Dave Yarmchuk, Inspired Teaching’s Deputy Director, shares about his upcoming trip to Thailand to work with teachers in Chiang Mai.
How did Inspired Teaching connect with the Chiang Mai International School?
We have a partnership with the Literacy Design Collaborative, and the Chiang Mai International School found us through their website. Once the School Superintendent and Director of Curriculum & Instruction at the school learned about us, they did some digging on our website to see what we offer. Teachers had indicated on a school survey that their number one interest was learning about authentic engagement, and they decided our workshops were exactly what they were looking for. After all, authentic engagement is what we do best.
The school leaders posted a workshop description at the school and on the EARCOS (East Asia Regional Council of Schools) website and interest from teachers has been through the roof. We planned to offer a training to 30 teachers but they had 80 teachers sign up relatively quickly. The school leaders cut off enrollment and put about 40 of the teachers on a waitlist for the next workshop. We’re hopeful we’ll be able to return for a second training in the Spring.
What are the main goals of the workshop?
The school leaders were originally particularly interested in combining the elements of our introductory workshop: Becoming an Instigator of Thought, and our workshop The Relationship-Based Classroom.
The main focus of the workshop will be planning and facilitating inquiry-based education using the Inspired Teaching Model of Instruction. This includes the 4 “I”s (Intellect, Inquiry, Imagination, Integrity), as well as our core elements. Teachers are excited about using an engagement-based approach, – but they also have some trepidation. Student-centered instruction is new for many of the teachers, who are more comfortable with traditional teaching practices.
We had originally planned to focus a lot on restorative justice as well, but after talking with the school leaders, we learned that they don’t really have much difficulty with misbehavior or classroom management. So instead of focusing on relationship-based discipline, we’ll discuss the role of relationships in creating an authentically engaging environment.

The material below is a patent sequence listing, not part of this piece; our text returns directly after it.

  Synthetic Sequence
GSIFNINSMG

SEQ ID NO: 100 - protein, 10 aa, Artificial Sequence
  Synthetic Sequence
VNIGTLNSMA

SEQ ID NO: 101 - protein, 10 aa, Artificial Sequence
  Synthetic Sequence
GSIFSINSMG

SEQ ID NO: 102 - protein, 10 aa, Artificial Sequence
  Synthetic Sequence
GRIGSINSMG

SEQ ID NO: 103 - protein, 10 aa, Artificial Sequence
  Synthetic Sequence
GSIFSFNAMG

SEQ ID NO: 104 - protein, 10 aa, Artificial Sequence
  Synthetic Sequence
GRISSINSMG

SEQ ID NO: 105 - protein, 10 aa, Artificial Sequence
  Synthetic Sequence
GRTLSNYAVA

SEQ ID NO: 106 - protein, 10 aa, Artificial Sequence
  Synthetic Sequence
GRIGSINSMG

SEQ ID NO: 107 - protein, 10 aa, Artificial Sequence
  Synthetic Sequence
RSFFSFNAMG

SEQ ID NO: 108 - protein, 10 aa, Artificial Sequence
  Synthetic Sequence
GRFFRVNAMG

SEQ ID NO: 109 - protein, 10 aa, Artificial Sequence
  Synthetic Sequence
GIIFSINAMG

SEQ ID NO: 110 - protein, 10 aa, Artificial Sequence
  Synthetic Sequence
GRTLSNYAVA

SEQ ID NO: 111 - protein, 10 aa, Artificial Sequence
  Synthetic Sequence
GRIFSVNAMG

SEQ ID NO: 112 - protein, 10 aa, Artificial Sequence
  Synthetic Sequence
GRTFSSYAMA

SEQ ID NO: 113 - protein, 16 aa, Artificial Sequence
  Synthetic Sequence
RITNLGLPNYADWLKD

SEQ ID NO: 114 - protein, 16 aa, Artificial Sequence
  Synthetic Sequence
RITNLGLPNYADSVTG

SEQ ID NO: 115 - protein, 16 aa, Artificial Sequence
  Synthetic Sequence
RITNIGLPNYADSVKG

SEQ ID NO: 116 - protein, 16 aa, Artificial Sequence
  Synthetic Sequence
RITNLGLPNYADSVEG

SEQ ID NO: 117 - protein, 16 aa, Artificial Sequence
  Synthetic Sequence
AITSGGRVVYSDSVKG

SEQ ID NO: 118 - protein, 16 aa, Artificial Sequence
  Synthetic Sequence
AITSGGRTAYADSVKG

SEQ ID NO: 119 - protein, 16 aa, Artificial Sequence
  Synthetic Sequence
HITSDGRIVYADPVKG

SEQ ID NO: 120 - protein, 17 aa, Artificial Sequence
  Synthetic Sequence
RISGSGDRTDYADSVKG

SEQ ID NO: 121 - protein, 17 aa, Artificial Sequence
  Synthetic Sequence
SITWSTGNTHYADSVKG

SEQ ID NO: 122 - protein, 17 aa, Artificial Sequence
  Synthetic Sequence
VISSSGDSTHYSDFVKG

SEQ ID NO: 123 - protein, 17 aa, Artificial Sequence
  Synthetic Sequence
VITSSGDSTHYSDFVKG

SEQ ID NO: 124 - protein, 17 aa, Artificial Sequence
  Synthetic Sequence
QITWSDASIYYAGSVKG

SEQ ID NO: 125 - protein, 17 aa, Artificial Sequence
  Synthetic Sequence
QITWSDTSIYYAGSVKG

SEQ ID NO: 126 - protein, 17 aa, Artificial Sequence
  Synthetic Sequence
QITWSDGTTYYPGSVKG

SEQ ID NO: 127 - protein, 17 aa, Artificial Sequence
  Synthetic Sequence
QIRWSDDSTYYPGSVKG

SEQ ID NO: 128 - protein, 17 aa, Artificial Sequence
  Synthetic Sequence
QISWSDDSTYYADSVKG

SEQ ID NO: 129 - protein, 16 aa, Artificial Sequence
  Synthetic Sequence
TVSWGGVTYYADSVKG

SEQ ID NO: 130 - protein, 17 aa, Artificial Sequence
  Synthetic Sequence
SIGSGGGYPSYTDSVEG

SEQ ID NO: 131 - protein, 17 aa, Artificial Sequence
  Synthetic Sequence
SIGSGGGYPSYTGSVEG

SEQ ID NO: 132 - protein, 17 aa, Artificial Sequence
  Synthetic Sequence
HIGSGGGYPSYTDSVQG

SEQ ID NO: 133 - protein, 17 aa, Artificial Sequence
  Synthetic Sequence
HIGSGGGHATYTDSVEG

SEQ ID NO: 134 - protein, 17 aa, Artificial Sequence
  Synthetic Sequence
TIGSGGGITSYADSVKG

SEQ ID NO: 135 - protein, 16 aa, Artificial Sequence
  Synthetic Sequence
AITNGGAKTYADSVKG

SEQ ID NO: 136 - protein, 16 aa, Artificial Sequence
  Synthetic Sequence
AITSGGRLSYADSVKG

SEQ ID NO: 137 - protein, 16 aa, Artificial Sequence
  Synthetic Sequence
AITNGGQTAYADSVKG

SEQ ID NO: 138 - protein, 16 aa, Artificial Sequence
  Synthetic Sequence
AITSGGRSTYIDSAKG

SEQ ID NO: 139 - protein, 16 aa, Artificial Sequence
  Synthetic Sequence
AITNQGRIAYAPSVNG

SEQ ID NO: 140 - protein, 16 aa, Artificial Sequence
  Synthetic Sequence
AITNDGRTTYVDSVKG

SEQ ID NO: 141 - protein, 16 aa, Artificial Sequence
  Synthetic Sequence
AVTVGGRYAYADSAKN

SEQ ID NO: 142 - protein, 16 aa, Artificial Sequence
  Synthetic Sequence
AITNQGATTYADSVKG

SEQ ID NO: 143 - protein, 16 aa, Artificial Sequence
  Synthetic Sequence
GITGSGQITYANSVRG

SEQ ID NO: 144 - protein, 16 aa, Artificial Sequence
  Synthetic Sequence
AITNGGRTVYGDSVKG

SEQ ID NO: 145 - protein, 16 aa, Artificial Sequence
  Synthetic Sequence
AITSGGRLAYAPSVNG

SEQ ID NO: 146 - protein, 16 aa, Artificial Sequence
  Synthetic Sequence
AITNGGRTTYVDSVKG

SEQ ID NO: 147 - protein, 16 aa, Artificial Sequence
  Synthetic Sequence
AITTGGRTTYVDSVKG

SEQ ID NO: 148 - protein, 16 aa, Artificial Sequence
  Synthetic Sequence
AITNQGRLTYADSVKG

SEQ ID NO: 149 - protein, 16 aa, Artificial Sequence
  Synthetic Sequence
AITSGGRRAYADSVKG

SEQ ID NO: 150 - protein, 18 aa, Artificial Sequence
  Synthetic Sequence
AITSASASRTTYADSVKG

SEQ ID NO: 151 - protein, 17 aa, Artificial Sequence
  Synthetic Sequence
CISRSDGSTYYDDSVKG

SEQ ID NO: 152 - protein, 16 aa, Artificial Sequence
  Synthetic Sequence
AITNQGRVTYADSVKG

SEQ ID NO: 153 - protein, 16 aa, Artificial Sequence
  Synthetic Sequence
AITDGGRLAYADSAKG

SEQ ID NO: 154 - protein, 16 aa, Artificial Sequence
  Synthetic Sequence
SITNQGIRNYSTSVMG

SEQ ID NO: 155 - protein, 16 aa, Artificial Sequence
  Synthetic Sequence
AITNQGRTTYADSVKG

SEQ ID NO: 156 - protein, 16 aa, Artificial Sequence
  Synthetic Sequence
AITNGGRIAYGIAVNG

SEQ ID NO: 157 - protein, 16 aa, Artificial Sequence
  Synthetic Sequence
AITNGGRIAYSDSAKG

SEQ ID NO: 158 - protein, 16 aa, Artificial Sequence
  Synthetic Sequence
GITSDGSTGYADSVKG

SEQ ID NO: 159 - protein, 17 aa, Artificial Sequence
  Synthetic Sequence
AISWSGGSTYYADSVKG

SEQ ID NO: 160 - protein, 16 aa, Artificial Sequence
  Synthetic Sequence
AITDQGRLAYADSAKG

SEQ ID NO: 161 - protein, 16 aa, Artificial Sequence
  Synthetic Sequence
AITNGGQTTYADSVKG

What is the furthest you’ve traveled for Inspired Teaching before?
While Inspired Teaching has presented around the world, the furthest I’ve traveled for Inspired Teaching was to a conference in California, and the furthest I’ve gone to host a training at a school is College Park, Maryland, so this is definitely something new and exciting for me.
What are you most looking forward to about the workshop?
I’m excited to work with a school that is so far away, and in such a different setting than Washington DC. I am looking forward to seeing the Inspired Teaching model in action with a totally different set of teachers and students. I will get to spend time observing in the school, which I think will be both fascinating and informative. They’ve also made very clear that they want us to get connected with the larger Thai / Southeast Asian education community, so I am excited about the potential for future work as well.
What is something you are curious about (related to the trip)?
I am most curious about how the school integrates students with the local culture and community. Engagement-based teaching and learning has elements of place-based learning; it’s essential that the students’ learning is situated in and relevant to their real lives. While I have seen what real-world connections look like in DC (in our Real World History course and in many of the schools we work with), I am curious what that looks like in Chiang Mai. Because most of the students are not from Thailand originally, it raises a particularly interesting question – what does place-based education mean for an American in Thailand going to school with students from all over the world?
Follow us on Twitter at @InspireTeach for updates from Dave’s trip and keep an eye out for another blog post when he returns!